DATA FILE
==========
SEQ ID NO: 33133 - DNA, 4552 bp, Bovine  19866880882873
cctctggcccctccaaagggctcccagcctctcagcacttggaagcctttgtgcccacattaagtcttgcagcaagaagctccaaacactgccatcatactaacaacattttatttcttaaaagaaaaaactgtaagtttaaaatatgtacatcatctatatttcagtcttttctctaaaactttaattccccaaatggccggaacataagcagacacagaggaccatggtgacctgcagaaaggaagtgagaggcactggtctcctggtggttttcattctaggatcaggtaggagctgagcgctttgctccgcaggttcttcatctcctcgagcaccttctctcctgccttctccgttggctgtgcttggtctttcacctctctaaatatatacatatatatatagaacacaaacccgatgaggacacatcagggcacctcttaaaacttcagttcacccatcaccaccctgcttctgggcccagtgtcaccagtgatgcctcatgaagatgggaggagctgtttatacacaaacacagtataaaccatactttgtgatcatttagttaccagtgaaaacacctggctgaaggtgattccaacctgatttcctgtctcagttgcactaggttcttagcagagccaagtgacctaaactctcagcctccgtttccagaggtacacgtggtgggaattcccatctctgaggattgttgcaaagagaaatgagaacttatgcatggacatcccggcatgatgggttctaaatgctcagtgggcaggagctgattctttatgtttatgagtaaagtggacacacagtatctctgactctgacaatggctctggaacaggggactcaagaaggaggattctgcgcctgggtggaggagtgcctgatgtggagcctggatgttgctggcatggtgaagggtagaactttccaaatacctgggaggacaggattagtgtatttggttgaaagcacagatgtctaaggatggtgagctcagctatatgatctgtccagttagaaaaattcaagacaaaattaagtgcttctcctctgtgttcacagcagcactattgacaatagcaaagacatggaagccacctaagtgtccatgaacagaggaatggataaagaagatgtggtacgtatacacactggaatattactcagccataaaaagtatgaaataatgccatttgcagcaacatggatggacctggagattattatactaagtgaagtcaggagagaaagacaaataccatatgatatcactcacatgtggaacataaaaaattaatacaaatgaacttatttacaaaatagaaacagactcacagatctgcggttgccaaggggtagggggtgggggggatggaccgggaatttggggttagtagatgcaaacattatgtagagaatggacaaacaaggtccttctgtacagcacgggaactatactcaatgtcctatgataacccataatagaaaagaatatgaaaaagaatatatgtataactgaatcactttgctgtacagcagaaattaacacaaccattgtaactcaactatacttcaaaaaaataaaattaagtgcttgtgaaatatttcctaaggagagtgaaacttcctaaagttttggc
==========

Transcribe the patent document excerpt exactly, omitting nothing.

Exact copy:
SEQ ID NO: 33133 - DNA, 4552 bp, Bovine  19866880882873
cctctggcccctccaaagggctcccagcctctcagcacttggaagcctttgtgcccacattaagtcttgcagcaagaagctccaaacactgccatcatactaacaacattttatttcttaaaagaaaaaactgtaagtttaaaatatgtacatcatctatatttcagtcttttctctaaaactttaattccccaaatggccggaacataagcagacacagaggaccatggtgacctgcagaaaggaagtgagaggcactggtctcctggtggttttcattctaggatcaggtaggagctgagcgctttgctccgcaggttcttcatctcctcgagcaccttctctcctgccttctccgttggctgtgcttggtctttcacctctctaaatatatacatatatatatagaacacaaacccgatgaggacacatcagggcacctcttaaaacttcagttcacccatcaccaccctgcttctgggcccagtgtcaccagtgatgcctcatgaagatgggaggagctgtttatacacaaacacagtataaaccatactttgtgatcatttagttaccagtgaaaacacctggctgaaggtgattccaacctgatttcctgtctcagttgcactaggttcttagcagagccaagtgacctaaactctcagcctccgtttccagaggtacacgtggtgggaattcccatctctgaggattgttgcaaagagaaatgagaacttatgcatggacatcccggcatgatgggttctaaatgctcagtgggcaggagctgattctttatgtttatgagtaaagtggacacacagtatctctgactctgacaatggctctggaacaggggactcaagaaggaggattctgcgcctgggtggaggagtgcctgatgtggagcctggatgttgctggcatggtgaagggtagaactttccaaatacctgggaggacaggattagtgtatttggttgaaagcacagatgtctaaggatggtgagctcagctatatgatctgtccagttagaaaaattcaagacaaaattaagtgcttctcctctgtgttcacagcagcactattgacaatagcaaagacatggaagccacctaagtgtccatgaacagaggaatggataaagaagatgtggtacgtatacacactggaatattactcagccataaaaagtatgaaataatgccatttgcagcaacatggatggacctggagattattatactaagtgaagtcaggagagaaagacaaataccatatgatatcactcacatgtggaacataaaaaattaatacaaatgaacttatttacaaaatagaaacagactcacagatctgcggttgccaaggggtagggggtgggggggatggaccgggaatttggggttagtagatgcaaacattatgtagagaatggacaaacaaggtccttctgtacagcacgggaactatactcaatgtcctatgataacccataatagaaaagaatatgaaaaagaatatatgtataactgaatcactttgctgtacagcagaaattaacacaaccattgtaactcaactatacttcaaaaaaataaaattaagtgcttgtgaaatatttcctaaggagagtgaaacttcctaaagttttggc